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    According Gatto, a man who speaks from both the perspective of a student and a teacher, the education system in America is truly a marvel of modern social engineering. He argues the problems commonly associated with American education are just the opposite because, in his view, what some view as issues, are what society has created as the fundamental pillars of schooling. It is his belief that school simply exists not to educate, but to instill the qualities necessary to produce a compliant work

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    to boost the level of education of American children is a contentious issue in today’s political world. With the United States falling further and further behind other industrialized nations in the areas of math and science, it is obvious that something needs to be done to keep our intellectual edge over other nations, so that we may maintain our position at the head of the global economy. In Jeremy Ayers brief, “Make Rural Schools a Priority,” he argues that the United States government needs to focus

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    resources, textbooks and other instructional materials, supplementary educational centers and services which sought [seek] to educate in remedial instruction and the handicapped, educational research, training and grants" (“Elementary and Secondary Education Act”, 1965). After these implementations of new programs in the late 1960s, such as the support of migrant students, Congress noticed an improper use of federal funding among public schools receiving government aid (Klein, A. (2015, March 31), The

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    Over the decades there has been an ongoing debate to change the United States education system in guiding students on a superior future. With the establishment of the No Child Left Behind Act, the importance to score higher on the standardized test has resulted in making budget cut to have more academic courses. When the current U.S. administration made budget cut decisions, the first thing to go is the art, music, and theater classes. The school administration does not realize that the arts are

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    A person who speaks more than one language is described as being bilingual. According to the United States Department of Education, “about 21% of school-age children speak a language other than English at home,” (Lowry, 2011). As Wayne Thomas and Virginia Collier describe in, “Two Languages are Better Than One,” children who come into school having a first language besides English, tend to struggle. Usually when a child struggles with a particular subject, they are taken out of the main classroom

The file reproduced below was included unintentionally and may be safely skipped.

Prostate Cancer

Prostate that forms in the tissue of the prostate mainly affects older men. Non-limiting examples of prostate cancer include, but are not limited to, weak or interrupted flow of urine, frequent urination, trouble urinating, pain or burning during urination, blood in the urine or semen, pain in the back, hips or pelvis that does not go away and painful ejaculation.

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    Public Law 94-142

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    Public Law is the framework that exists between citizens of the state and their governing bodies and establishes rules and regulations that affect how citizens function in their everyday lives. Included in the public law are sub-divisions, such as, administrative law, criminal law and constitutional law, which establish and regulate the powers of the governing body. Regardless of the type or degree of the child’s disability, Public Law 94-142 changed their lives, the lives of their families and

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    concerning the direction of public education. Those in favor of the Act purport its advantageous addition to public school education. Conversely, opponents argue that charter schools will ultimately privatize public education. Nonetheless, this paper seeks to define charter schools, provide

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    George Leef's Analysis

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    Although our nation's education system seems to be excelling, it’s actually at risk of being overthrown by other nations that are performing at a level that the United States cannot seem to match. According to former president Ronald Reagan, “23 million American adults were functionally illiterate; the average achievement for high school students on standardized tests was lower than before the launch of Sputnik in 1957; and only one-fifth of 17-year old students had the ability to write a persuasive

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    provoking research book, The Smartest Kids in the World, by the author, Amanda Ripley, who logically argues that education must be reformed. She mainly underscores the need to apply the revolutionizing techniques that she deliberately unveils to the audience with a hurl of statistics and appealing testimonies from foreign exchange students to the very developed nation: The United States. Ripley urges the nation to implement more rigor into students’ coursework, hire highly educated teachers, and hold

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    he laid the groundwork for education apart from the government by writing, “How Children Fail”, a book criticizing the public education system. He was one of the first to write about public education and how it could be improved. Today, “His ideas of “unschooling,” or education without any formal structure or coursework, are still very popular, especially in the northeastern region of the United States.” (Homeschooling: A positive trend giving hope to American education, UC